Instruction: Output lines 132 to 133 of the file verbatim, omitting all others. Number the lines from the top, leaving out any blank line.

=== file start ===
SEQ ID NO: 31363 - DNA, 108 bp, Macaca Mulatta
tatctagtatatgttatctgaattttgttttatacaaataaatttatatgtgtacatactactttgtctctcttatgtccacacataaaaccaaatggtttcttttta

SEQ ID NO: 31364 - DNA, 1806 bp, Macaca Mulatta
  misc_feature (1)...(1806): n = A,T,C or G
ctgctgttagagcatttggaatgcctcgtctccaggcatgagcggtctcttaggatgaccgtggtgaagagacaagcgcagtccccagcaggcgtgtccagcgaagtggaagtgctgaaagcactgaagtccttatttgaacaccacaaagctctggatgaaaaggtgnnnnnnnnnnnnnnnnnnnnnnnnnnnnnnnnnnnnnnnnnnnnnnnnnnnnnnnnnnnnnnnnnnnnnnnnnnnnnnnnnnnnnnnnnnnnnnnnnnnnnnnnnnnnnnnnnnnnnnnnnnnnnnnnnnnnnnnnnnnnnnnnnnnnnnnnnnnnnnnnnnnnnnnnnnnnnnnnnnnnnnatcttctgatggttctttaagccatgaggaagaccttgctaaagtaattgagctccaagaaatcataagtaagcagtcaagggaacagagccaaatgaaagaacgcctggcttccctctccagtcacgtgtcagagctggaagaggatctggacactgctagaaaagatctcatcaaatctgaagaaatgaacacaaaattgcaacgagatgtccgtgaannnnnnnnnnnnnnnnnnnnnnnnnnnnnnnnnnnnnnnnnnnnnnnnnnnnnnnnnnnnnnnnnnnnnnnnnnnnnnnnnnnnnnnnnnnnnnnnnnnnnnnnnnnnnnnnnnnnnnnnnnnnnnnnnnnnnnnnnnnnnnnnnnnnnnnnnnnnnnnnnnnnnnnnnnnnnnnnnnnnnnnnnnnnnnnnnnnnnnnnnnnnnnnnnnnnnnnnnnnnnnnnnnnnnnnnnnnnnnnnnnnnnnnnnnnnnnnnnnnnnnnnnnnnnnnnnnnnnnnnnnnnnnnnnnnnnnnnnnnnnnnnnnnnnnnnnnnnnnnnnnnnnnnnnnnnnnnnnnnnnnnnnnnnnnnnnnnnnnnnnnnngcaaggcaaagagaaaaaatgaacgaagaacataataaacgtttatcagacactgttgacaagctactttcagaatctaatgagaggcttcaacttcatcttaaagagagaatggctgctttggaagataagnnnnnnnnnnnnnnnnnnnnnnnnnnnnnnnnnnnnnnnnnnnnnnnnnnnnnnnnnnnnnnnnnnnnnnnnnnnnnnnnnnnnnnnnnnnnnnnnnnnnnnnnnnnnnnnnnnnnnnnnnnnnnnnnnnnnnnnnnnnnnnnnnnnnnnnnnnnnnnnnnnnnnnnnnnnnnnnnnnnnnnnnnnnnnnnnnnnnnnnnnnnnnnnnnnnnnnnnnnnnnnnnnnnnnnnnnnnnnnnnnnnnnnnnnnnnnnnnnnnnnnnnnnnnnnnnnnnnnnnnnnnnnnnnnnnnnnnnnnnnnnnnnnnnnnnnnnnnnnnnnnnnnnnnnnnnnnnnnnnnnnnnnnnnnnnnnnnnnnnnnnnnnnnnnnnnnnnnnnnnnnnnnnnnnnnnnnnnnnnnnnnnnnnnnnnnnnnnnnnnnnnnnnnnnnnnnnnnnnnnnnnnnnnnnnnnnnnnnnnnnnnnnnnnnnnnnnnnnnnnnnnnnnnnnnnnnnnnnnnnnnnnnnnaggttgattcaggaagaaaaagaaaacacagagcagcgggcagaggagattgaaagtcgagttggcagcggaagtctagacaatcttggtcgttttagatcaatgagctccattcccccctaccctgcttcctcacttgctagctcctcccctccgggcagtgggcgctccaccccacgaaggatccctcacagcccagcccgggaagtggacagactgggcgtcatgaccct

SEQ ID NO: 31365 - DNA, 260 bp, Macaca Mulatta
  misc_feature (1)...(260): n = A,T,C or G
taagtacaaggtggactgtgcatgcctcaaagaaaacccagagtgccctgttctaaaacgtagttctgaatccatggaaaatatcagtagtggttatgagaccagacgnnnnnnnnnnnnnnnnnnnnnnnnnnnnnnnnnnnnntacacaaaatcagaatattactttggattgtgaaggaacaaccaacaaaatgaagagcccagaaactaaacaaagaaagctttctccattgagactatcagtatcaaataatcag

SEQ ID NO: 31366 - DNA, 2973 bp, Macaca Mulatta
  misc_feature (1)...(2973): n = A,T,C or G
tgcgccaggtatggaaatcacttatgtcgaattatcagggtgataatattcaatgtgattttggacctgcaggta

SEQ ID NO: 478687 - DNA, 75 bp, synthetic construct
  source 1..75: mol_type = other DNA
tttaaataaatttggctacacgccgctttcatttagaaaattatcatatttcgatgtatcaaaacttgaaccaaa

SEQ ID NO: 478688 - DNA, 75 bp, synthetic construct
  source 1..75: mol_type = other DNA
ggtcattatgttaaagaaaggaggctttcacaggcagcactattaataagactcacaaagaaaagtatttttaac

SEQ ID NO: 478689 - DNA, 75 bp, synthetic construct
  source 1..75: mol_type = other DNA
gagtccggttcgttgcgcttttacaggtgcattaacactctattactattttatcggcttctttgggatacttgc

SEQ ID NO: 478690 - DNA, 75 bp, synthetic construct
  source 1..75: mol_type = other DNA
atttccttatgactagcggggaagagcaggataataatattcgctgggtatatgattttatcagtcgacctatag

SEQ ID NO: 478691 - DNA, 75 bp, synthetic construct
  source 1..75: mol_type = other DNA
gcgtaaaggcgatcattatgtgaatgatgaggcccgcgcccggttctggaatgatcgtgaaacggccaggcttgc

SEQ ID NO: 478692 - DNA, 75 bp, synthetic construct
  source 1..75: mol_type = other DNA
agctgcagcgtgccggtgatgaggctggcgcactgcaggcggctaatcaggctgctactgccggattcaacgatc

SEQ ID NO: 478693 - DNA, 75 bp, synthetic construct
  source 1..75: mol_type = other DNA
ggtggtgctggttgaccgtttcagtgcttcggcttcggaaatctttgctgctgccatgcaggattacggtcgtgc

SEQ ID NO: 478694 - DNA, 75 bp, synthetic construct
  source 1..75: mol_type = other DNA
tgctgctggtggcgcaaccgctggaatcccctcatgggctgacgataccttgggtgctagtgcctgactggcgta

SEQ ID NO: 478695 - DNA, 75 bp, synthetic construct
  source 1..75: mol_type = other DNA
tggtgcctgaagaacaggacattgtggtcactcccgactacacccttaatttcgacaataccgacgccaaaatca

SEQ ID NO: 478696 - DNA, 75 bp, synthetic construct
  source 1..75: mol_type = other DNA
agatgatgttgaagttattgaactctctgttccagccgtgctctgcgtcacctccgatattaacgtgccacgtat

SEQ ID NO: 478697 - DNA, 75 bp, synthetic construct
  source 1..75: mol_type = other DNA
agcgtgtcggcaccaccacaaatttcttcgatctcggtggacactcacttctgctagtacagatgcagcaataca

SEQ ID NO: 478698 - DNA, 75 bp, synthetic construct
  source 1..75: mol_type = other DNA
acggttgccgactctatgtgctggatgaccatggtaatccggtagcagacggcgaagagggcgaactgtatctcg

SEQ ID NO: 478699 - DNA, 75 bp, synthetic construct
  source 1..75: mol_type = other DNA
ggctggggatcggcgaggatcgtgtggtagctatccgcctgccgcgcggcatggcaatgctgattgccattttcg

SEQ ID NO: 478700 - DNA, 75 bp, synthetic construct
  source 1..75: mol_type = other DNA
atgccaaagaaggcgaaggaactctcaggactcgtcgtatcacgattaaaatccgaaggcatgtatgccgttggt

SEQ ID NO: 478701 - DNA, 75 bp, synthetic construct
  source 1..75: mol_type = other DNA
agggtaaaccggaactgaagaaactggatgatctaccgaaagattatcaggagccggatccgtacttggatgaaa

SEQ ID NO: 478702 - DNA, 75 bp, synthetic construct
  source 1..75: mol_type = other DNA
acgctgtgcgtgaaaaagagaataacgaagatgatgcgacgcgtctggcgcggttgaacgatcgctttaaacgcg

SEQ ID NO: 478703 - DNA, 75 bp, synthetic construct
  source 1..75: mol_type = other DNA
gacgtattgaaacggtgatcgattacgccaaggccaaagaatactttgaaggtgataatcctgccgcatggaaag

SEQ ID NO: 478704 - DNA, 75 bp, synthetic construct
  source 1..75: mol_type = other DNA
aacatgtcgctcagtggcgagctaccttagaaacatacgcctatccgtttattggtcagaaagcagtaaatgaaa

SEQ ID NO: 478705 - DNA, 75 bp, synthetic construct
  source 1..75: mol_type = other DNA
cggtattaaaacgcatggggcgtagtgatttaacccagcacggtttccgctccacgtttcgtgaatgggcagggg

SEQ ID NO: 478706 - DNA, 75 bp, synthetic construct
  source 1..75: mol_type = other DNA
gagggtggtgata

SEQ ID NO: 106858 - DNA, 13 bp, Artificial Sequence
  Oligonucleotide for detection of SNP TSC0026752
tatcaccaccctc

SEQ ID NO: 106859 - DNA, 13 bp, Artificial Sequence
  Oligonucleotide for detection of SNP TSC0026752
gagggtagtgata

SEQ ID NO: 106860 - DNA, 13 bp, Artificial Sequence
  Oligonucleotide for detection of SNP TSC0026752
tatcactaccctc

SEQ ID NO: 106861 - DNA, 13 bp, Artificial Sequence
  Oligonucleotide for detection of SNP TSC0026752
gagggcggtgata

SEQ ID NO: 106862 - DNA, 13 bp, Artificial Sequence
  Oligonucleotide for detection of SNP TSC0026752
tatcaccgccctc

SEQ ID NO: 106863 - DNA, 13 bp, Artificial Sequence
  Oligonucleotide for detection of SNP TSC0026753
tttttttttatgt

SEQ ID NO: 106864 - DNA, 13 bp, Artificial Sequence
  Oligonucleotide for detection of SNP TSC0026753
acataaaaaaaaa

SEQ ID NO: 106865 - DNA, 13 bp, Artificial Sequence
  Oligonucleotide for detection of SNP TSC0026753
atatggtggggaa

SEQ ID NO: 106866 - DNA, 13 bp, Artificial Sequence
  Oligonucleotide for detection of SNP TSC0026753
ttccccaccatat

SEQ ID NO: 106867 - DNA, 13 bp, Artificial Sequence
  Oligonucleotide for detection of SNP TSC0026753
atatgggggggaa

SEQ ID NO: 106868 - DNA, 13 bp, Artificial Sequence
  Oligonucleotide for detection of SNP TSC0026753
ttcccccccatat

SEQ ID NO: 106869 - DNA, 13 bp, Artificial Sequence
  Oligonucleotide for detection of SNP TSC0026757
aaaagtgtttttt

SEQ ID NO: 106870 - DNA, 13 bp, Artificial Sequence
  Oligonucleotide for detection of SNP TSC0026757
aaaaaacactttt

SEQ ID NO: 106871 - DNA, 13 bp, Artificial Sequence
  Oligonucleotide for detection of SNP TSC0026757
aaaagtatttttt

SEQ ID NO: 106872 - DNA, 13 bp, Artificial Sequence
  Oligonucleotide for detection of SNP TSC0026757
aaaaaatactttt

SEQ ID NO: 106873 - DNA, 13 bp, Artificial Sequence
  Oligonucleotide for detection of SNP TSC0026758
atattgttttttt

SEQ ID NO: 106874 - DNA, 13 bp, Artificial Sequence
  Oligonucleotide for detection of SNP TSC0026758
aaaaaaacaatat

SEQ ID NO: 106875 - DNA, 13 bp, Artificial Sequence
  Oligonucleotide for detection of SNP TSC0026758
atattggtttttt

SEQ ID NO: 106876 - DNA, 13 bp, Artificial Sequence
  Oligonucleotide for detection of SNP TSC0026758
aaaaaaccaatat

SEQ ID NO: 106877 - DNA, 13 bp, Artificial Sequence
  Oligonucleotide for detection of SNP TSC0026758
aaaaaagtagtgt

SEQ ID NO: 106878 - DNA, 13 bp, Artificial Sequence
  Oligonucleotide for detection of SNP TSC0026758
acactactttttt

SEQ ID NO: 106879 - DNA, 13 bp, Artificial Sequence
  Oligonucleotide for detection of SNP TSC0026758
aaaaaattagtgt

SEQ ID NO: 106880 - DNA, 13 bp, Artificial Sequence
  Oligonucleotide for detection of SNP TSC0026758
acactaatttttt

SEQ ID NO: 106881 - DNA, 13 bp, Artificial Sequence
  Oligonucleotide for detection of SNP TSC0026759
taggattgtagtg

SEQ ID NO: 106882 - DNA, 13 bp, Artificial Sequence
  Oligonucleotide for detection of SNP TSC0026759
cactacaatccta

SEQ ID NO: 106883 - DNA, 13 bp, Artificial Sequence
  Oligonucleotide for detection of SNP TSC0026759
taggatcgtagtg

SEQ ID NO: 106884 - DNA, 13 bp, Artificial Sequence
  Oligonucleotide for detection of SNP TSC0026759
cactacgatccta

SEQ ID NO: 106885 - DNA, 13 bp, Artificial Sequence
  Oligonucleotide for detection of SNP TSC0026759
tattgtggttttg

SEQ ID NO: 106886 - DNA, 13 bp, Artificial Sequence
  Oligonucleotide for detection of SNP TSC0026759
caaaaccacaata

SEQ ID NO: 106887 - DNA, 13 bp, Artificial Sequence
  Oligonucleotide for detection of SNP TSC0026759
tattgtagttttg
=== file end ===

SEQ ID NO: 106878 - DNA, 13 bp, Artificial Sequence
  Oligonucleotide for detection of SNP TSC0026758